She will join campaigner Alan Cooke for a talk in Stroud about the dangers of radiation from mobile phones and Wi-Fi devices.
A mum who claims a Wi-Fi allergy drove her teenage daughter to suicide is among the campaigners to hold a talk in Stroud about the dangers of radiation from wireless devices.
In 2015, Debbie Fry’s daughter Jenny was found dead aged 15 in woodland near her home in the Cotswolds.
Mrs Fry claimed at her daughter’s inquest that Jenny’s life was made a misery as she had electro-hypersensitivity – which meant she suffered from headaches, tiredness and bladder problems after being exposed to wireless connections at her School.
The coroner recorded a narrative verdict on the cause of Jenny’s death and did not include factors relating to EHS as there were no medical proof she suffered from it.
But Mrs Fry is now on a mission to remove Wi-Fi from all schools and will be among the speakers at a public health talk in Stroud on Sunday.
Mrs Fry will be joined by campaigner Alan Cooke, who will warn of the health risks of mobile phones, smart meters, masts and Wi-Fi devices, at the event at the Open House in Gloucester Street on Sunday October 8 from 2:30pm to 5:30pm.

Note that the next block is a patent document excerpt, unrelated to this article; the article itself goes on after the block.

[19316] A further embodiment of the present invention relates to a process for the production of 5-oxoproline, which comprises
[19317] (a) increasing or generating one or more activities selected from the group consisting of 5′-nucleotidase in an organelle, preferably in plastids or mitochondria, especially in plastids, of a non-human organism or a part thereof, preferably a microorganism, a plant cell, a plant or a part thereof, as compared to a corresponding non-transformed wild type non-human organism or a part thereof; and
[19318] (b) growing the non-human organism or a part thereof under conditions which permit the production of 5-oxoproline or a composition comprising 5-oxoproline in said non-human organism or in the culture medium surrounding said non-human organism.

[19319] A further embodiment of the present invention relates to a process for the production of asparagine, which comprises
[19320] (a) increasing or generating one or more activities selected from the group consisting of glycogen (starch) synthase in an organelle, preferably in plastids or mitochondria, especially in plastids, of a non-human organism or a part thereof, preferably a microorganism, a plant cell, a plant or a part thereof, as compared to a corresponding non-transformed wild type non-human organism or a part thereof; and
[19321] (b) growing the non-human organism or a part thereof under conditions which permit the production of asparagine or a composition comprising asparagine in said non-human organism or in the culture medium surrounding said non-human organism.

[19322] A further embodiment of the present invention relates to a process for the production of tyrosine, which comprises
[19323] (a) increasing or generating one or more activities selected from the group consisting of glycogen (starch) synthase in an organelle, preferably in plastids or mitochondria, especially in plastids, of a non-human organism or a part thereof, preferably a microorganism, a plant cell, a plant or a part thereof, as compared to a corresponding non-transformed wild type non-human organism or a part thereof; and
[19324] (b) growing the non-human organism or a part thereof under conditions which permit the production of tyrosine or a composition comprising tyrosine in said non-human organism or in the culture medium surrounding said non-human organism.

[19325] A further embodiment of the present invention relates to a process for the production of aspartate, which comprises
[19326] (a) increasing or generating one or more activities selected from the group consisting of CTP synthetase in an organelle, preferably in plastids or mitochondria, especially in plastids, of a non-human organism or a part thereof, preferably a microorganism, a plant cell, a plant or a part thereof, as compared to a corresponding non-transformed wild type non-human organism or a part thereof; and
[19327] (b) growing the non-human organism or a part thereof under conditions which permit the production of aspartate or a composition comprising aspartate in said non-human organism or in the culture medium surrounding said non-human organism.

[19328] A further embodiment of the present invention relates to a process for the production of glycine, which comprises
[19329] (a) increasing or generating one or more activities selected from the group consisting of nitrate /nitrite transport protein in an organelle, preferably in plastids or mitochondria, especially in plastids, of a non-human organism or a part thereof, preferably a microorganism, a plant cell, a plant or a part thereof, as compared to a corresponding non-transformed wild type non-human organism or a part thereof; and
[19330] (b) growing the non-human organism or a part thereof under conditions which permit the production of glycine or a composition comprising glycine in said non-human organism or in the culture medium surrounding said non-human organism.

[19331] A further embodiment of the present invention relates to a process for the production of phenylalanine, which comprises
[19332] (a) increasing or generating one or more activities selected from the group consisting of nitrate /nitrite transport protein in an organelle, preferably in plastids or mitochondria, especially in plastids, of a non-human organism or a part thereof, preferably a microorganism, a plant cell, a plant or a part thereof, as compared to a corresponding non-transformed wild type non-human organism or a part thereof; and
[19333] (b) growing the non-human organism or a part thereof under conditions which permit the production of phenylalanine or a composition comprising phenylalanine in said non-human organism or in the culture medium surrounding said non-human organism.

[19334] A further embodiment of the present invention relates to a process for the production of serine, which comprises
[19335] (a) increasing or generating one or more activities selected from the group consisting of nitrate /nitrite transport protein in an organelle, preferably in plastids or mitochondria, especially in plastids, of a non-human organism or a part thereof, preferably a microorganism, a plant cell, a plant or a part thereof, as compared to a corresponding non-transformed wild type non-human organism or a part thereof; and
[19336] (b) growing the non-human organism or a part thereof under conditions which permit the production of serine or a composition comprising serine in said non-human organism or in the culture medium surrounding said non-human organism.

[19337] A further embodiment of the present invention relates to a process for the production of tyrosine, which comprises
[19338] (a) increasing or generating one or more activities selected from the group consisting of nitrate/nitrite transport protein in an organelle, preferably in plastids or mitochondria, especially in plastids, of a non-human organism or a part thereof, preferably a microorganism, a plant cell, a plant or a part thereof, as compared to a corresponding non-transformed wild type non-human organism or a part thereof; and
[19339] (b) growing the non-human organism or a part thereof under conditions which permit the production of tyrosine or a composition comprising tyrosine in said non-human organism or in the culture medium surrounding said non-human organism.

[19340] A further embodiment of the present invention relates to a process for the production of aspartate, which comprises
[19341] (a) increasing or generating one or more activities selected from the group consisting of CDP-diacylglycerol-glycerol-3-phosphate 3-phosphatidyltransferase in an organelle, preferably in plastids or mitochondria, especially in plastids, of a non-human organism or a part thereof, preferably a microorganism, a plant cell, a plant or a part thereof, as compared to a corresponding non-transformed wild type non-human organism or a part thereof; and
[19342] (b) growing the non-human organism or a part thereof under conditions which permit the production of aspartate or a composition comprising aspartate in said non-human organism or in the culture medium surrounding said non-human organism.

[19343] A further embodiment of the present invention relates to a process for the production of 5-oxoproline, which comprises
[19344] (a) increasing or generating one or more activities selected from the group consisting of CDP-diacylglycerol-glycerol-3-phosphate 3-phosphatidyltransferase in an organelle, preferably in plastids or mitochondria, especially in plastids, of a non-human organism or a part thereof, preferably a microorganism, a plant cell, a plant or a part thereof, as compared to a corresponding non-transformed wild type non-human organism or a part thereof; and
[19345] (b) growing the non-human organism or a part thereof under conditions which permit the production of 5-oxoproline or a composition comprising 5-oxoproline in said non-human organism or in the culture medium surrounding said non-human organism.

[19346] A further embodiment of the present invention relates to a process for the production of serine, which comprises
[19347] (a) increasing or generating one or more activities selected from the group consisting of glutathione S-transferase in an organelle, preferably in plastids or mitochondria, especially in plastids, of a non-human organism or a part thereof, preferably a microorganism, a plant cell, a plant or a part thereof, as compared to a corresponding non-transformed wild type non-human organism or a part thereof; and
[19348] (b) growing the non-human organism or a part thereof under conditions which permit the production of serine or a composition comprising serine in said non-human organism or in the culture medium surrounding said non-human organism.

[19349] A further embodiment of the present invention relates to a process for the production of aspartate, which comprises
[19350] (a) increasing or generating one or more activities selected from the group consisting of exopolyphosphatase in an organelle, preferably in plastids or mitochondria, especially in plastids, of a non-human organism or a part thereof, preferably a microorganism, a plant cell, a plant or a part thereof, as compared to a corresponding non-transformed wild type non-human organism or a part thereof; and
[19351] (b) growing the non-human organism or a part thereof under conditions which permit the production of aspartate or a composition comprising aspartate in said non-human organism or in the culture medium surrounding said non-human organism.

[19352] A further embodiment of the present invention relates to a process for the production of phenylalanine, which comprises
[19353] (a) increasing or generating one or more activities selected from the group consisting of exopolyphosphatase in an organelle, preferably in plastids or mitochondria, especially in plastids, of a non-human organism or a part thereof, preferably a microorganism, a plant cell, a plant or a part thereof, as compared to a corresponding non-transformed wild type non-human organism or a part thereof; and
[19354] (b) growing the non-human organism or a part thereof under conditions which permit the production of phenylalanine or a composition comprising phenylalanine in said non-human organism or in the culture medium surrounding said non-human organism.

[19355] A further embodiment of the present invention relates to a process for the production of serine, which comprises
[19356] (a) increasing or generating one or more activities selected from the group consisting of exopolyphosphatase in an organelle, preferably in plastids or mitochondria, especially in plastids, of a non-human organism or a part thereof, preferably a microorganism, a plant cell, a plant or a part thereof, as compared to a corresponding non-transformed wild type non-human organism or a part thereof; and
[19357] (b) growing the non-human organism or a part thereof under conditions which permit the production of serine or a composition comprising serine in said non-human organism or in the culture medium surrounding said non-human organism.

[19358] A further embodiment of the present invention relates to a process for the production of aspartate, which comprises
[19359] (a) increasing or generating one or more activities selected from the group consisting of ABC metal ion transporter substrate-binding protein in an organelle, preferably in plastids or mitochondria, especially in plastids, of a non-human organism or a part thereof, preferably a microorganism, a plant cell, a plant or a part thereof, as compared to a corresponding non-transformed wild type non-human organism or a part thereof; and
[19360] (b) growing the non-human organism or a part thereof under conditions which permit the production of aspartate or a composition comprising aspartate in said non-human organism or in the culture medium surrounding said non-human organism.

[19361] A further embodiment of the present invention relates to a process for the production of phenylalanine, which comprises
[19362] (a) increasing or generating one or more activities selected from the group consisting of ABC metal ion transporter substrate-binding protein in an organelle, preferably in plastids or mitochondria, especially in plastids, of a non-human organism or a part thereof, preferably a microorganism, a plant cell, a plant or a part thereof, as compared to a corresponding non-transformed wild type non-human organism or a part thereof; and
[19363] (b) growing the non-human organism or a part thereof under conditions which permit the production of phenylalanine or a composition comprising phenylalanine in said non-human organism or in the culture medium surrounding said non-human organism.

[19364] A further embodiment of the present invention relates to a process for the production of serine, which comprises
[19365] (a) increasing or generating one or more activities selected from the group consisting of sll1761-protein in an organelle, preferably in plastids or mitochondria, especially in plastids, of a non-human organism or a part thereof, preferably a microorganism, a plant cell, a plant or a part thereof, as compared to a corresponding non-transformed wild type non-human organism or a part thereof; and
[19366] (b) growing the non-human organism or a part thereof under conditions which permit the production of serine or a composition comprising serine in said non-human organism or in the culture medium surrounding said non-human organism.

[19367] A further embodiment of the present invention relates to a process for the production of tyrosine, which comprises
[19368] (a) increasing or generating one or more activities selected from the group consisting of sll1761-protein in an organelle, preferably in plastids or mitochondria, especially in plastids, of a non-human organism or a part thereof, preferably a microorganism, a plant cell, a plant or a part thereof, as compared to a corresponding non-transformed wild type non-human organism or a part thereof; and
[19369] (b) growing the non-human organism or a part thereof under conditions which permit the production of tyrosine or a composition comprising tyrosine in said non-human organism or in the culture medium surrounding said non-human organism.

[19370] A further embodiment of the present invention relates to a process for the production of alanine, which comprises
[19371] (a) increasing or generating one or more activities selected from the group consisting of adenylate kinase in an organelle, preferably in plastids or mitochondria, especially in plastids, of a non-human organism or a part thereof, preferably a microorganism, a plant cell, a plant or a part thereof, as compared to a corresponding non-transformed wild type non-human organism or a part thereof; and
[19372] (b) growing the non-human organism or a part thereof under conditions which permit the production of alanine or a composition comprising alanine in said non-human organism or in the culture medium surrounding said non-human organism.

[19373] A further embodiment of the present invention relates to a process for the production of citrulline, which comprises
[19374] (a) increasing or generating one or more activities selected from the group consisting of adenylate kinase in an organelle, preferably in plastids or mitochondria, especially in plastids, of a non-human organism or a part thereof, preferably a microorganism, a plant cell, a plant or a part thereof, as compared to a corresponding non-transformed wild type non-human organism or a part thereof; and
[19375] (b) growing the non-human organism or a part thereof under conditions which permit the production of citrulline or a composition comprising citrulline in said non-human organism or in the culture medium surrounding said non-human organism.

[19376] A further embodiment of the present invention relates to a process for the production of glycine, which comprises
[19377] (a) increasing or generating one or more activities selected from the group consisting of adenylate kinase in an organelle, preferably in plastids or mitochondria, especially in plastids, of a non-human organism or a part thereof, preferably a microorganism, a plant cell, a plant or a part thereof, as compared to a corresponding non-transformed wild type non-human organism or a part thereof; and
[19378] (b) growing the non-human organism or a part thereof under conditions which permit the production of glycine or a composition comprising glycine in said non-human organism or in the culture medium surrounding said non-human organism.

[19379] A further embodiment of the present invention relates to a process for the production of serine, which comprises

The NHS says it’s unlikely mobile phones or wireless devices increase the risks of health problems.
But Mrs Fry is fighting Government plans to introduce Wi-Fi to the whole of the NHS.
She said: “They are planning to put in something that makes the sick, sicker.
“There’s some urgency to which the whole of the UK’s population needs to be told this technology is not as safe as we are led to believe.”
Mr Cooke claims radiation emitted from these devices damages cells within our body, potentially leading to diseases such as cancer and brain tumours.
He said: “Anything that is wireless will emit microwave radiation – that’s a fact. If you are receiving that over a period of time your cells will not repair – they will cause diseases.
“It’s not just me saying it – it’s top independent scientists and doctors. It’s not something the Government wants to tell people about.”